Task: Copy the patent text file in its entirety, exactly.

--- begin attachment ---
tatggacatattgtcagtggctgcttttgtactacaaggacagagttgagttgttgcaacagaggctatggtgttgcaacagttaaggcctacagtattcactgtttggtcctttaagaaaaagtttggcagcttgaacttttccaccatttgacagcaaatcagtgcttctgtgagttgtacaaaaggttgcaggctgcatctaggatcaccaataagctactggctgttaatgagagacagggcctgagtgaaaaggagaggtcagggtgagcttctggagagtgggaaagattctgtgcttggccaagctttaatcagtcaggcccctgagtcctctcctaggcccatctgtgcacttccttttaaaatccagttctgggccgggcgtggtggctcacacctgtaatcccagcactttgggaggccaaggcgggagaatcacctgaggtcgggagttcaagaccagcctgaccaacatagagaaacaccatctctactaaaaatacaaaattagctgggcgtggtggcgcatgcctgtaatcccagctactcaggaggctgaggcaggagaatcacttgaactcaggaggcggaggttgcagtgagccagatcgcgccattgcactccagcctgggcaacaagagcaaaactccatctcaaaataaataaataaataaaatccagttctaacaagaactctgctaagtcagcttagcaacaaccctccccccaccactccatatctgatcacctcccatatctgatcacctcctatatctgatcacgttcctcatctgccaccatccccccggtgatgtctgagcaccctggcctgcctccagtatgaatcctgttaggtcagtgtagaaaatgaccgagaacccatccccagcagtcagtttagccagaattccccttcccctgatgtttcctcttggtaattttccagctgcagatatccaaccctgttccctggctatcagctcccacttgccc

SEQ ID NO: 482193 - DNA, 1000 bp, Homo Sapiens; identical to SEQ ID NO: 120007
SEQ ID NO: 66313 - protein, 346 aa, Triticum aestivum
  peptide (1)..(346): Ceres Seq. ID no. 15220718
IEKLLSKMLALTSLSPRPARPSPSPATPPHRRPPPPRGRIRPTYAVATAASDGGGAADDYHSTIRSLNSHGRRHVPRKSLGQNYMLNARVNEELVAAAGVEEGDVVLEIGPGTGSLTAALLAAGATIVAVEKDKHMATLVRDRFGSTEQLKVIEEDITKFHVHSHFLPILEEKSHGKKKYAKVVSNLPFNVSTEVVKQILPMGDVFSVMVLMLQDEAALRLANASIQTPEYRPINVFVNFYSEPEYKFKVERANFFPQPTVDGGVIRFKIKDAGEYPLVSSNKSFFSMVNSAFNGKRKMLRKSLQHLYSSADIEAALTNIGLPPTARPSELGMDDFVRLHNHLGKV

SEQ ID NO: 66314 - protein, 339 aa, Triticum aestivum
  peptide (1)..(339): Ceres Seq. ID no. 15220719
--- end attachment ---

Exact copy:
tatggacatattgtcagtggctgcttttgtactacaaggacagagttgagttgttgcaacagaggctatggtgttgcaacagttaaggcctacagtattcactgtttggtcctttaagaaaaagtttggcagcttgaacttttccaccatttgacagcaaatcagtgcttctgtgagttgtacaaaaggttgcaggctgcatctaggatcaccaataagctactggctgttaatgagagacagggcctgagtgaaaaggagaggtcagggtgagcttctggagagtgggaaagattctgtgcttggccaagctttaatcagtcaggcccctgagtcctctcctaggcccatctgtgcacttccttttaaaatccagttctgggccgggcgtggtggctcacacctgtaatcccagcactttgggaggccaaggcgggagaatcacctgaggtcgggagttcaagaccagcctgaccaacatagagaaacaccatctctactaaaaatacaaaattagctgggcgtggtggcgcatgcctgtaatcccagctactcaggaggctgaggcaggagaatcacttgaactcaggaggcggaggttgcagtgagccagatcgcgccattgcactccagcctgggcaacaagagcaaaactccatctcaaaataaataaataaataaaatccagttctaacaagaactctgctaagtcagcttagcaacaaccctccccccaccactccatatctgatcacctcccatatctgatcacctcctatatctgatcacgttcctcatctgccaccatccccccggtgatgtctgagcaccctggcctgcctccagtatgaatcctgttaggtcagtgtagaaaatgaccgagaacccatccccagcagtcagtttagccagaattccccttcccctgatgtttcctcttggtaattttccagctgcagatatccaaccctgttccctggctatcagctcccacttgccc

SEQ ID NO: 482193 - DNA, 1000 bp, Homo Sapiens; identical to SEQ ID NO: 120007
SEQ ID NO: 66313 - protein, 346 aa, Triticum aestivum
  peptide (1)..(346): Ceres Seq. ID no. 15220718
IEKLLSKMLALTSLSPRPARPSPSPATPPHRRPPPPRGRIRPTYAVATAASDGGGAADDYHSTIRSLNSHGRRHVPRKSLGQNYMLNARVNEELVAAAGVEEGDVVLEIGPGTGSLTAALLAAGATIVAVEKDKHMATLVRDRFGSTEQLKVIEEDITKFHVHSHFLPILEEKSHGKKKYAKVVSNLPFNVSTEVVKQILPMGDVFSVMVLMLQDEAALRLANASIQTPEYRPINVFVNFYSEPEYKFKVERANFFPQPTVDGGVIRFKIKDAGEYPLVSSNKSFFSMVNSAFNGKRKMLRKSLQHLYSSADIEAALTNIGLPPTARPSELGMDDFVRLHNHLGKV

SEQ ID NO: 66314 - protein, 339 aa, Triticum aestivum
  peptide (1)..(339): Ceres Seq. ID no. 15220719